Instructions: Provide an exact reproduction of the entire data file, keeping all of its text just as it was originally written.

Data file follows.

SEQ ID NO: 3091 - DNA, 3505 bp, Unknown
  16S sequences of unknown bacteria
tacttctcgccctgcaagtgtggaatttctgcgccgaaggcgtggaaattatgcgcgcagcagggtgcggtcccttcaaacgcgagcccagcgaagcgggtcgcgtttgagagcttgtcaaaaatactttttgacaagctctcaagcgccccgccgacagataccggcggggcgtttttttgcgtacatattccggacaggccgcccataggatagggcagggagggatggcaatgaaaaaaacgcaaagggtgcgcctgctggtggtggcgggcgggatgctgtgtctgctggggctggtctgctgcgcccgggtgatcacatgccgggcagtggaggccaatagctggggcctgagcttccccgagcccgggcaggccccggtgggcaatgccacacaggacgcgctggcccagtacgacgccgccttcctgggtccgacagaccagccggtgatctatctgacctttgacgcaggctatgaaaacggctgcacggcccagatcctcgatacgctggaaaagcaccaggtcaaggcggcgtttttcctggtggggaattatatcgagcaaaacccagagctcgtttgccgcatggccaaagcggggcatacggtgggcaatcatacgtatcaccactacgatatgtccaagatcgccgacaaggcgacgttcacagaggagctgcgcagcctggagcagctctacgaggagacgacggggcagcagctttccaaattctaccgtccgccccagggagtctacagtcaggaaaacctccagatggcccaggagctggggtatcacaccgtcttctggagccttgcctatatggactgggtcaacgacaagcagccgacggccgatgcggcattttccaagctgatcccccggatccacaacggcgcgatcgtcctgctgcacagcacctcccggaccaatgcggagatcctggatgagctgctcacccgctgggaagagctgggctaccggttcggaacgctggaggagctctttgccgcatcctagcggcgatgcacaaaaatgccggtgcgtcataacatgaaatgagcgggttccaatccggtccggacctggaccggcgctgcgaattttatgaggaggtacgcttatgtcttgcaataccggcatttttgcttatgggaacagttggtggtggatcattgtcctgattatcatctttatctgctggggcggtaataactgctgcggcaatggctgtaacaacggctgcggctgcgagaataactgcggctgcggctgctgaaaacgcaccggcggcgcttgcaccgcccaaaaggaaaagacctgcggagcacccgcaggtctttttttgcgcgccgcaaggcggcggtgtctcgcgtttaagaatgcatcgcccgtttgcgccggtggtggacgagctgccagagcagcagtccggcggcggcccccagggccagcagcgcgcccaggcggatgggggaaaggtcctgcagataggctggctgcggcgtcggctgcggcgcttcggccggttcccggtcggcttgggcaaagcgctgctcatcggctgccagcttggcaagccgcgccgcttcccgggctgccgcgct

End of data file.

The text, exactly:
SEQ ID NO: 3091 - DNA, 3505 bp, Unknown
  16S sequences of unknown bacteria
tacttctcgccctgcaagtgtggaatttctgcgccgaaggcgtggaaattatgcgcgcagcagggtgcggtcccttcaaacgcgagcccagcgaagcgggtcgcgtttgagagcttgtcaaaaatactttttgacaagctctcaagcgccccgccgacagataccggcggggcgtttttttgcgtacatattccggacaggccgcccataggatagggcagggagggatggcaatgaaaaaaacgcaaagggtgcgcctgctggtggtggcgggcgggatgctgtgtctgctggggctggtctgctgcgcccgggtgatcacatgccgggcagtggaggccaatagctggggcctgagcttccccgagcccgggcaggccccggtgggcaatgccacacaggacgcgctggcccagtacgacgccgccttcctgggtccgacagaccagccggtgatctatctgacctttgacgcaggctatgaaaacggctgcacggcccagatcctcgatacgctggaaaagcaccaggtcaaggcggcgtttttcctggtggggaattatatcgagcaaaacccagagctcgtttgccgcatggccaaagcggggcatacggtgggcaatcatacgtatcaccactacgatatgtccaagatcgccgacaaggcgacgttcacagaggagctgcgcagcctggagcagctctacgaggagacgacggggcagcagctttccaaattctaccgtccgccccagggagtctacagtcaggaaaacctccagatggcccaggagctggggtatcacaccgtcttctggagccttgcctatatggactgggtcaacgacaagcagccgacggccgatgcggcattttccaagctgatcccccggatccacaacggcgcgatcgtcctgctgcacagcacctcccggaccaatgcggagatcctggatgagctgctcacccgctgggaagagctgggctaccggttcggaacgctggaggagctctttgccgcatcctagcggcgatgcacaaaaatgccggtgcgtcataacatgaaatgagcgggttccaatccggtccggacctggaccggcgctgcgaattttatgaggaggtacgcttatgtcttgcaataccggcatttttgcttatgggaacagttggtggtggatcattgtcctgattatcatctttatctgctggggcggtaataactgctgcggcaatggctgtaacaacggctgcggctgcgagaataactgcggctgcggctgctgaaaacgcaccggcggcgcttgcaccgcccaaaaggaaaagacctgcggagcacccgcaggtctttttttgcgcgccgcaaggcggcggtgtctcgcgtttaagaatgcatcgcccgtttgcgccggtggtggacgagctgccagagcagcagtccggcggcggcccccagggccagcagcgcgcccaggcggatgggggaaaggtcctgcagataggctggctgcggcgtcggctgcggcgcttcggccggttcccggtcggcttgggcaaagcgctgctcatcggctgccagcttggcaagccgcgccgcttcccgggctgccgcgct